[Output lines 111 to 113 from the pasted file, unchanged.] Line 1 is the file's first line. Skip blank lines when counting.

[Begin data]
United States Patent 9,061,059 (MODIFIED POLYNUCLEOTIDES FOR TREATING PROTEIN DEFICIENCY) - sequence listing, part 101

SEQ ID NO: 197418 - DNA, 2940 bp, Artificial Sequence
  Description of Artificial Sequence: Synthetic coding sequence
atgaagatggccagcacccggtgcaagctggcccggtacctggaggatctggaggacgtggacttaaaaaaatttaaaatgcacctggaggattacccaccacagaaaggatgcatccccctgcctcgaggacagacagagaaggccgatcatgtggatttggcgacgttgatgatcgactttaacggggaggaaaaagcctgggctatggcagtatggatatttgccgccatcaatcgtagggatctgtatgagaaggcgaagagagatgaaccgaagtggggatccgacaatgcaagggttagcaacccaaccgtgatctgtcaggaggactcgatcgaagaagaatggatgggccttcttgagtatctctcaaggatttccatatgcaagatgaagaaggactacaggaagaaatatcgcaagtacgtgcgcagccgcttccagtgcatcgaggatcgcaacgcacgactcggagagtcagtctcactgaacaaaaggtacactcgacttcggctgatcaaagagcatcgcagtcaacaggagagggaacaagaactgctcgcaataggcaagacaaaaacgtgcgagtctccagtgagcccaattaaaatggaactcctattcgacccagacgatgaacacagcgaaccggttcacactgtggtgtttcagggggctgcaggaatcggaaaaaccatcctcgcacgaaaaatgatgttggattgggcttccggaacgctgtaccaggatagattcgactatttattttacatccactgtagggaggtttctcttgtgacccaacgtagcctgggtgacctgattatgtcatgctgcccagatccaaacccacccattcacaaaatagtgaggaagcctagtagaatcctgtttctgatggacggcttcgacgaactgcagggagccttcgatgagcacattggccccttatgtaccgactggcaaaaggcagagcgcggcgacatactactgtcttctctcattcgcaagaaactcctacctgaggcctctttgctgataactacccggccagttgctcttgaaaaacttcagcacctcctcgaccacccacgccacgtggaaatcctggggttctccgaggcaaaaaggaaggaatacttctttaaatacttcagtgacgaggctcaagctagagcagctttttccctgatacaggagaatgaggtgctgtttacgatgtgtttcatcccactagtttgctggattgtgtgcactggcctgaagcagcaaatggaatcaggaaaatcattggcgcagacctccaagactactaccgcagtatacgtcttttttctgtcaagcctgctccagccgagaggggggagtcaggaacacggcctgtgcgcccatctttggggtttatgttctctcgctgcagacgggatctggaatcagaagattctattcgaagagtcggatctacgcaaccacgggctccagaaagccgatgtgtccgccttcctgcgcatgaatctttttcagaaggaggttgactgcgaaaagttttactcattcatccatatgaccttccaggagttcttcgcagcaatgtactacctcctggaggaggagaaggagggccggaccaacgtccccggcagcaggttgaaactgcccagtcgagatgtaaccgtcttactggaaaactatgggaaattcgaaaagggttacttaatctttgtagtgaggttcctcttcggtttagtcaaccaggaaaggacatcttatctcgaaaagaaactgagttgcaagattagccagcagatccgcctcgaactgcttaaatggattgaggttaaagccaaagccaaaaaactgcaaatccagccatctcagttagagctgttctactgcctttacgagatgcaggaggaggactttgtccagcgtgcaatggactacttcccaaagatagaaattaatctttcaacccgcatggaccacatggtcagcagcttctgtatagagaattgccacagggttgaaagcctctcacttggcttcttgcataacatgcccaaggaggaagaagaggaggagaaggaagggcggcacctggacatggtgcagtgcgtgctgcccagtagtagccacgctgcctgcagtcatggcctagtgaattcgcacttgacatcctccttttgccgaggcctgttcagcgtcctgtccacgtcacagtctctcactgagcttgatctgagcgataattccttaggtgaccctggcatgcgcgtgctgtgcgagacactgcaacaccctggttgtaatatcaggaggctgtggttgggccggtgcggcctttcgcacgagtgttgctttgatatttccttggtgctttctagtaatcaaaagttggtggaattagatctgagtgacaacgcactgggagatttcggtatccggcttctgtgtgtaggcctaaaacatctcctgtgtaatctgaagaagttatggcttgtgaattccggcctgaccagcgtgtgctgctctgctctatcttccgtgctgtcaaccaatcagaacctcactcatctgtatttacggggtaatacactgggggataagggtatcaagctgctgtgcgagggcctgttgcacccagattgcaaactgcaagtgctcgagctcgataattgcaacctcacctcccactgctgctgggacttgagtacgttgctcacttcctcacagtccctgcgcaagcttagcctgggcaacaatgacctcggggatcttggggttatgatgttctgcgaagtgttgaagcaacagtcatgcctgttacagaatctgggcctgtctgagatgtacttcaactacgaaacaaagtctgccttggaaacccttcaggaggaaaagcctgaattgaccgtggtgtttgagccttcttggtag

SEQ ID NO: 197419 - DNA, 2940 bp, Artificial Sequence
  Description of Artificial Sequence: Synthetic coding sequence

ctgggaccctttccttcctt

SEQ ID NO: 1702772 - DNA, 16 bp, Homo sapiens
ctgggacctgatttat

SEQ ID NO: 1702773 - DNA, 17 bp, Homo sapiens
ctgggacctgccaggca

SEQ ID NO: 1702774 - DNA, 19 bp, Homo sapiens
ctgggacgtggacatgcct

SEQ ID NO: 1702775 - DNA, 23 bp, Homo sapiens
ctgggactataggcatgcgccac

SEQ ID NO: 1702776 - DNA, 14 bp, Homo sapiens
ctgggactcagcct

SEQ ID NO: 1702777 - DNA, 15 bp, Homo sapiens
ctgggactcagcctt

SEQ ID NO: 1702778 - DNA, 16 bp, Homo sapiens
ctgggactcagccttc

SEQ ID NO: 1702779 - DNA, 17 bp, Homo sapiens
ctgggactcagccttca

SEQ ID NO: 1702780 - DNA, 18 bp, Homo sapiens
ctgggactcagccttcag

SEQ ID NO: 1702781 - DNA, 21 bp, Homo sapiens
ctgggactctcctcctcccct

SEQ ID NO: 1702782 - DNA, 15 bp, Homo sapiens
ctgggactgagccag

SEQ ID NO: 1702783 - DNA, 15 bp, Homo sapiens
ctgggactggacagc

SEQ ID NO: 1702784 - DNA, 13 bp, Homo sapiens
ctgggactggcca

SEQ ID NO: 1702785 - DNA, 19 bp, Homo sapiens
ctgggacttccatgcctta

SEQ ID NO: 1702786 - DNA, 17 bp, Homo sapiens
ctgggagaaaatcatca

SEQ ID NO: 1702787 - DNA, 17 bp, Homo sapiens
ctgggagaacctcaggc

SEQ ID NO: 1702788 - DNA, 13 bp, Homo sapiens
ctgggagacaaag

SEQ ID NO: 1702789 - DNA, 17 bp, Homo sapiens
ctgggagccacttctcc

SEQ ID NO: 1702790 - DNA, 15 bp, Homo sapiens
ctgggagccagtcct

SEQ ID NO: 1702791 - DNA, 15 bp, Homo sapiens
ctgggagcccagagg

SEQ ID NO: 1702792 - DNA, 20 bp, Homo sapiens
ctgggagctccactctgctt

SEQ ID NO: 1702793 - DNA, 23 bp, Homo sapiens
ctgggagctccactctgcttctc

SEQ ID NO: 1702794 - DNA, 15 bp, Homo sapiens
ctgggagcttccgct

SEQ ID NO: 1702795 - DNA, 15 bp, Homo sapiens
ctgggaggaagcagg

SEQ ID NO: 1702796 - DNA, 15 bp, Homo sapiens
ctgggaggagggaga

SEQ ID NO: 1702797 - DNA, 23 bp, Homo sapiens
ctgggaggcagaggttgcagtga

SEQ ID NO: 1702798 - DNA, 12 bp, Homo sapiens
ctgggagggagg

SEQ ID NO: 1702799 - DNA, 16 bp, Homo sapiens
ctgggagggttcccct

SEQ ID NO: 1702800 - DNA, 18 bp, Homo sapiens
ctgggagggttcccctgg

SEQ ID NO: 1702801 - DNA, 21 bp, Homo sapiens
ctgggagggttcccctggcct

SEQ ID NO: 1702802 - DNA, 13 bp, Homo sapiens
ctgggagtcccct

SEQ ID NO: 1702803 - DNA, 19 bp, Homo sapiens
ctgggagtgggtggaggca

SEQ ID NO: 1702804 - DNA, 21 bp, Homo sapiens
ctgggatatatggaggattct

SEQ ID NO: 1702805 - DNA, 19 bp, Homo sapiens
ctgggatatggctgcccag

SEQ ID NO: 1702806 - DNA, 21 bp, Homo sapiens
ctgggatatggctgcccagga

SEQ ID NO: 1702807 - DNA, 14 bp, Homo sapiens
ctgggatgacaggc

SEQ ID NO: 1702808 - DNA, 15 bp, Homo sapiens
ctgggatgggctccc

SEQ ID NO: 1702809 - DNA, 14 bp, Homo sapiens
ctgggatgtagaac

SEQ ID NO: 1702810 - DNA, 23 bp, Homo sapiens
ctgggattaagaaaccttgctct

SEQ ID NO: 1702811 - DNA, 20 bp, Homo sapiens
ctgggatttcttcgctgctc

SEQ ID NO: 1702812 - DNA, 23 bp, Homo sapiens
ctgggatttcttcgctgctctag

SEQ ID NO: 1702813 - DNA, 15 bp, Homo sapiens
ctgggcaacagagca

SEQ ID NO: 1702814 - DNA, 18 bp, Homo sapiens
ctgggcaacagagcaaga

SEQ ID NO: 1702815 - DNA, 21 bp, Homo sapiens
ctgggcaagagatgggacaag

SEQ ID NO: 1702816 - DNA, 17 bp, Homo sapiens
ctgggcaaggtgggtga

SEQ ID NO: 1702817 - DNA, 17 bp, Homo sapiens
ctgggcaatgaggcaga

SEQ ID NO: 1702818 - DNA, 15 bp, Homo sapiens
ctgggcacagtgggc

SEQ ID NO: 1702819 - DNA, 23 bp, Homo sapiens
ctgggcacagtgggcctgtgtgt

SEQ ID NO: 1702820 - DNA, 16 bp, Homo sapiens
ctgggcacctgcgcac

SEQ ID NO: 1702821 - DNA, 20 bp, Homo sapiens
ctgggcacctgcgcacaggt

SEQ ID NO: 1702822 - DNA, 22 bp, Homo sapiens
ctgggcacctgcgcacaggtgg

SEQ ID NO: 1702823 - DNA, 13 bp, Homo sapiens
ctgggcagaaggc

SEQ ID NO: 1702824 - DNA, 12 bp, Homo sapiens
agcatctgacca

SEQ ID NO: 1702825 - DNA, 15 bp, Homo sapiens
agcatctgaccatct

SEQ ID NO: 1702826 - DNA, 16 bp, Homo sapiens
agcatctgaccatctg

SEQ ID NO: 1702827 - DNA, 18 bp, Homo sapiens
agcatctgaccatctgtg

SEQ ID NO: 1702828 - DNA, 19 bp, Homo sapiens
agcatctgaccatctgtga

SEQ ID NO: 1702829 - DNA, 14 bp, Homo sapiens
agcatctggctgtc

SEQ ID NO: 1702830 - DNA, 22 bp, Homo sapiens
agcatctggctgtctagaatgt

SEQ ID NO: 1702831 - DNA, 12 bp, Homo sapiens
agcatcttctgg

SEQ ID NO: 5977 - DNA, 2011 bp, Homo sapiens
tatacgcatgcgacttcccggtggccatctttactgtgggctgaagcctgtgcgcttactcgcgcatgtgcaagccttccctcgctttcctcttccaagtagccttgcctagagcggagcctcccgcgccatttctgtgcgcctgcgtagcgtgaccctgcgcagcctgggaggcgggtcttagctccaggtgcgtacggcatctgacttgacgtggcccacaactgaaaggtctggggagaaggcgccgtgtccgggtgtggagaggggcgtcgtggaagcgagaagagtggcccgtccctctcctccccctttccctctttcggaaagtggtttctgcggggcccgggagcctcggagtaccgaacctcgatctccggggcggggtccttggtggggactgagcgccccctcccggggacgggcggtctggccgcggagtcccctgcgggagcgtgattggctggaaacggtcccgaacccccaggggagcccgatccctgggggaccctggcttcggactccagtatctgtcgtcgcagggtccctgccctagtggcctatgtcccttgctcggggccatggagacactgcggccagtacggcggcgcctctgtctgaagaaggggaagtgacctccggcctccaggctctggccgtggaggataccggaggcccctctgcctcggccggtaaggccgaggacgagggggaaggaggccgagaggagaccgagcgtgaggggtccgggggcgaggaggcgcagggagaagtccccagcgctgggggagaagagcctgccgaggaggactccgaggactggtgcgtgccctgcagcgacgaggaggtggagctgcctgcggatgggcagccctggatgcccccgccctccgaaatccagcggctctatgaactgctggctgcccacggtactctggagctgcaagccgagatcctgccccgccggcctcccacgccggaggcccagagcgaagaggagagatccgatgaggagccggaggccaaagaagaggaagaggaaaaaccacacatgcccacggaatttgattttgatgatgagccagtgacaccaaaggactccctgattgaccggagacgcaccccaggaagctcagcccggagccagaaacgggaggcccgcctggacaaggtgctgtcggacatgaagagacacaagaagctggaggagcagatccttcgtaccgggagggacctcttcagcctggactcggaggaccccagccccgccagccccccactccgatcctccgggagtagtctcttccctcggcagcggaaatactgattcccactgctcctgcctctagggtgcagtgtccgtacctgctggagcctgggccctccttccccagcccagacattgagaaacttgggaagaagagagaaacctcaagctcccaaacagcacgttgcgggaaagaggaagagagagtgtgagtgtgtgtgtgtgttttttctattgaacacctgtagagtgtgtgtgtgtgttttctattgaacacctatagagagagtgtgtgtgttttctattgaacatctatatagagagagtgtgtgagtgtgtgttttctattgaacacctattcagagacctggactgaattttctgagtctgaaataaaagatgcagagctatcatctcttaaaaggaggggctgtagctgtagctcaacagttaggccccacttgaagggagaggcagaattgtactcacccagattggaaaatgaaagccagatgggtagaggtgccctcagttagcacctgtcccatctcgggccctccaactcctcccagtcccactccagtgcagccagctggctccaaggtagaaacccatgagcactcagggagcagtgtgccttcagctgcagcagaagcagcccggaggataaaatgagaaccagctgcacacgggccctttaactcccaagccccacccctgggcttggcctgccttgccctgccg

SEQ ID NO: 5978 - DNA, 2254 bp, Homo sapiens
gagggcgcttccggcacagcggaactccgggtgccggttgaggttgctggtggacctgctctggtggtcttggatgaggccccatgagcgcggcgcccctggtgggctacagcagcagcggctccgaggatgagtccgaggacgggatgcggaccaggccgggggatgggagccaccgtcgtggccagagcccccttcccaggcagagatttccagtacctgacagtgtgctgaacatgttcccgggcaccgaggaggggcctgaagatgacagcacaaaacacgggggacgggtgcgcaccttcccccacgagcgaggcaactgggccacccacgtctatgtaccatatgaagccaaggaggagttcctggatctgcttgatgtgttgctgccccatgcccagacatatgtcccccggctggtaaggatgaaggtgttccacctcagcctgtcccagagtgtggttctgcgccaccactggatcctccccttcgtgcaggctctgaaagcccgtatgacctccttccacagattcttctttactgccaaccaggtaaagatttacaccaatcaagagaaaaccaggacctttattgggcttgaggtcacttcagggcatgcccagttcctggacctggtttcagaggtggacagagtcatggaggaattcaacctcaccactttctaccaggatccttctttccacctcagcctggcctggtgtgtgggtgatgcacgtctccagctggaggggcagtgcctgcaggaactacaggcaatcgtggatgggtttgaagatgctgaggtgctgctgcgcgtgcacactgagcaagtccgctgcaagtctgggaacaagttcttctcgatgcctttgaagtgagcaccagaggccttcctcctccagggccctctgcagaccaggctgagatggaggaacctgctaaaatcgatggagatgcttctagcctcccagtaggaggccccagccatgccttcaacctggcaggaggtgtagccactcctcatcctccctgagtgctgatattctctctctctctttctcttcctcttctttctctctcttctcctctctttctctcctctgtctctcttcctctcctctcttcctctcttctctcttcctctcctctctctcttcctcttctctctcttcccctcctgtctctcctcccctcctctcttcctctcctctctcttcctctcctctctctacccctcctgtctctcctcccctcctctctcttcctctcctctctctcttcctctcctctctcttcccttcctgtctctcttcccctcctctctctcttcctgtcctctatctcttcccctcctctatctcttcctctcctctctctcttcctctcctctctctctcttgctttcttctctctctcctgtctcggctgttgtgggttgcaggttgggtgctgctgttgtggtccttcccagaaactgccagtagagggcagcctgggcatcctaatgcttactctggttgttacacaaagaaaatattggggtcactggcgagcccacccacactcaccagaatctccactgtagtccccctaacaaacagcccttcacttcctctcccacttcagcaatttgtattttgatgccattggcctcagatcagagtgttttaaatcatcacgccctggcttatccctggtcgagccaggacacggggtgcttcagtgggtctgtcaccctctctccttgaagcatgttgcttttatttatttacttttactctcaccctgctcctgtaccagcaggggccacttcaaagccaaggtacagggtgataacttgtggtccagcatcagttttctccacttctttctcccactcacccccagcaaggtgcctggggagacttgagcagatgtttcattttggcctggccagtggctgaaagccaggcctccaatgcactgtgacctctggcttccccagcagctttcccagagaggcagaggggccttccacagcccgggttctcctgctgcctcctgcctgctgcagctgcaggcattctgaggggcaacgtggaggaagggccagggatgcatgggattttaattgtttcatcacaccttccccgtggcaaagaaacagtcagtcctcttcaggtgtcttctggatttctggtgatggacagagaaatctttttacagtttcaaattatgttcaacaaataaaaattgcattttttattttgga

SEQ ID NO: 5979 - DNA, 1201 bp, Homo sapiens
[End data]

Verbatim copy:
ctgggcagaaggc

SEQ ID NO: 1702824 - DNA, 12 bp, Homo sapiens
agcatctgacca